On behalf of The Law Offices of Mary Ann Beaty, PC posted in Military Divorce on Friday, April 29, 2016.
Any Texas divorce has the potential to be complicated and difficult, but when it involves a member of the United States military, there are other factors that come into play. Service members who have child custody and are heading for active deployment will undoubtedly worry about who will be granted custody of the child while away. This is what a temporary custody order can be done.
The military does not take part in this via the Military Family Care Plan. It must be through family civil court. When there has not been a court order to have a temporary change in child custody and the joint managing conservator is the noncustodial parent, custody will be granted to the noncustodial parent. There is a certain order that the state will use for who will be given temporary custody based on the situation and the child’s best interests. The order is: the noncustodial parent, a person selected by the custodial parent, or a person who is designated by the court.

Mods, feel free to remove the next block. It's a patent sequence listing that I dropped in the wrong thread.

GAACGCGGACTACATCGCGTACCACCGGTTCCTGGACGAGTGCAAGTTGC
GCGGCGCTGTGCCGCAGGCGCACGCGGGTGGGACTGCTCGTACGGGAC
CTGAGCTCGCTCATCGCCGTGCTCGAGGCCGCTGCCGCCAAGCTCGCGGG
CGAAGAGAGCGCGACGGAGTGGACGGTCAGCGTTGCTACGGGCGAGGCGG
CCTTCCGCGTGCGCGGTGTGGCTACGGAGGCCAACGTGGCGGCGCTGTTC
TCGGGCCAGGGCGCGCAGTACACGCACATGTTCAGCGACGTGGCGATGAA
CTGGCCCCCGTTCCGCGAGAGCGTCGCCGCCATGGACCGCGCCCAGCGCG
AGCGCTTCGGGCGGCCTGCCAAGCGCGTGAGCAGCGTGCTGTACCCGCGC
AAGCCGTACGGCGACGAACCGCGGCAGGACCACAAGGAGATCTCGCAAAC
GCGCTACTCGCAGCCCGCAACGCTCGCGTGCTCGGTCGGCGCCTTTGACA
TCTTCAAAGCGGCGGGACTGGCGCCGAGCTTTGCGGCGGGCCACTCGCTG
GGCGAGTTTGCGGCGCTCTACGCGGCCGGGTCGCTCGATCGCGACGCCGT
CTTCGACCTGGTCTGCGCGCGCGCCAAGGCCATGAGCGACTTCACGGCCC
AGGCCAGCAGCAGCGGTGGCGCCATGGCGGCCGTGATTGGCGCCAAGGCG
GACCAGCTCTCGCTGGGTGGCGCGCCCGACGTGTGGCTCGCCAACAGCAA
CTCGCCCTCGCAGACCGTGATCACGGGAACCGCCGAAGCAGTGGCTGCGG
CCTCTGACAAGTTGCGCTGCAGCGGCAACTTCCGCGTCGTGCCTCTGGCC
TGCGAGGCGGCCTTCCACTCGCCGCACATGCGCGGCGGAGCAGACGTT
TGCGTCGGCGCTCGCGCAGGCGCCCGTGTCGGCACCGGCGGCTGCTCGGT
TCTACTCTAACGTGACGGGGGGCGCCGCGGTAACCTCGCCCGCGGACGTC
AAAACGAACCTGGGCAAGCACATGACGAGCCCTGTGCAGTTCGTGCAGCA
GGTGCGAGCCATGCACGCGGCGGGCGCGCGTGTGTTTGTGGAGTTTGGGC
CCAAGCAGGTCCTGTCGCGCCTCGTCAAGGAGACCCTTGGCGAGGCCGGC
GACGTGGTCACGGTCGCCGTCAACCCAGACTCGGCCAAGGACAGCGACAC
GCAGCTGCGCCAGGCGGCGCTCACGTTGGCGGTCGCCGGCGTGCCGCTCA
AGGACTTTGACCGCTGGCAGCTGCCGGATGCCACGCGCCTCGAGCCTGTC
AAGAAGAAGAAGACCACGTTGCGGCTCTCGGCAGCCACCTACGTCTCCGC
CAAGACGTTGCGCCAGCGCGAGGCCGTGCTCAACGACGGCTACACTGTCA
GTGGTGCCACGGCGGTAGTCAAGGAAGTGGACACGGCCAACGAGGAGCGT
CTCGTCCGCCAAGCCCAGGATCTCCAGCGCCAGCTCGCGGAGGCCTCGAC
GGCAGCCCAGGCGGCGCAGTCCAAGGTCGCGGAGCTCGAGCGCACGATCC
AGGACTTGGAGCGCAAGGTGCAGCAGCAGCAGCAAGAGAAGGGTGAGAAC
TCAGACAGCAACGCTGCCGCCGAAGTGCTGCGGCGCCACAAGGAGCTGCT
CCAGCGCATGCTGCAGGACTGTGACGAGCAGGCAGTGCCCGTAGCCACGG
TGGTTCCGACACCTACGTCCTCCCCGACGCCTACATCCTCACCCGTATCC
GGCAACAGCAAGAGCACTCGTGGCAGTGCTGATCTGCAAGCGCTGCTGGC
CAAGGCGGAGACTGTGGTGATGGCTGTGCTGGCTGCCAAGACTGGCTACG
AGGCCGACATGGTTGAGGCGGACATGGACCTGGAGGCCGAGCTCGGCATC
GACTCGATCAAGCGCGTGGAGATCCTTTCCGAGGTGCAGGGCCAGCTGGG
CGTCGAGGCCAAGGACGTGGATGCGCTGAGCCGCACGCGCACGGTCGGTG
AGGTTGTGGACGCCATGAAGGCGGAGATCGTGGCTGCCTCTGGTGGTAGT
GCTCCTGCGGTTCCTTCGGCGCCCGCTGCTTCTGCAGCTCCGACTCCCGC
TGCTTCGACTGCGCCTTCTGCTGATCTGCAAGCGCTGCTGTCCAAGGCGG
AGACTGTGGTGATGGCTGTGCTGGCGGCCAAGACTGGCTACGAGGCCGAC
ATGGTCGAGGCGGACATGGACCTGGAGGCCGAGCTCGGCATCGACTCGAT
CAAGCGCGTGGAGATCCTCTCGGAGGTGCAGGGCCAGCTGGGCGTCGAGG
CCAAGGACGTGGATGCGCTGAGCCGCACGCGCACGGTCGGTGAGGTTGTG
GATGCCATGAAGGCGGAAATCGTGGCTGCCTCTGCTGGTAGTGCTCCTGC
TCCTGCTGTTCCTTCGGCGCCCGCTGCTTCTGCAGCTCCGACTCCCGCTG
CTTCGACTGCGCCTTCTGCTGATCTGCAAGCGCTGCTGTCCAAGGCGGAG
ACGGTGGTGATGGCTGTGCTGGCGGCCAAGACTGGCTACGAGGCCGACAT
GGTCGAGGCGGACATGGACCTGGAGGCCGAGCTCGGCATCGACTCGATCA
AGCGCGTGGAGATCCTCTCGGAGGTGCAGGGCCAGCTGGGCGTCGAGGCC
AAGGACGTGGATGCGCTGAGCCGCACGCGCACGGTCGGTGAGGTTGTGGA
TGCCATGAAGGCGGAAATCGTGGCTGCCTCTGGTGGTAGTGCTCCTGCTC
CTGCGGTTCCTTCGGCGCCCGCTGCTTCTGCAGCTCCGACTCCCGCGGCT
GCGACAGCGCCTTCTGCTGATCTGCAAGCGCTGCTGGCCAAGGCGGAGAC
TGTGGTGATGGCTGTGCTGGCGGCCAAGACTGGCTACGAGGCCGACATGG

If the court decides that the noncustodial parent will be granted custody during the deployment, the custodial parent can name a person who will have visitation rights while her or she is deployed. This can be a grandparent, a spouse or a different relative. It can be done when the order is in Texas and the conservator issues a petition for a temporary order due to military deployment, mobilization or duty that means moving a substantial distance from the conservator’s residence.
When the military deployment is over and the parent returns, the temporary order will be terminated and the rights of custody will revert to what they were prior to deployment. Considering the difficult nature of child custody for people in the military, it is important to fully understand how these issues are dealt with. Speaking to a legal professional experienced in military divorceand child custody can be useful in any situation related to these matters.
Source: texasattorneygeneral.gov, “Military Parents: Paternity, Child Support, Custody & Parenting Time — Temporary Custody & Visitation During Deployment, pages 7-8,” accessed on April 28, 2016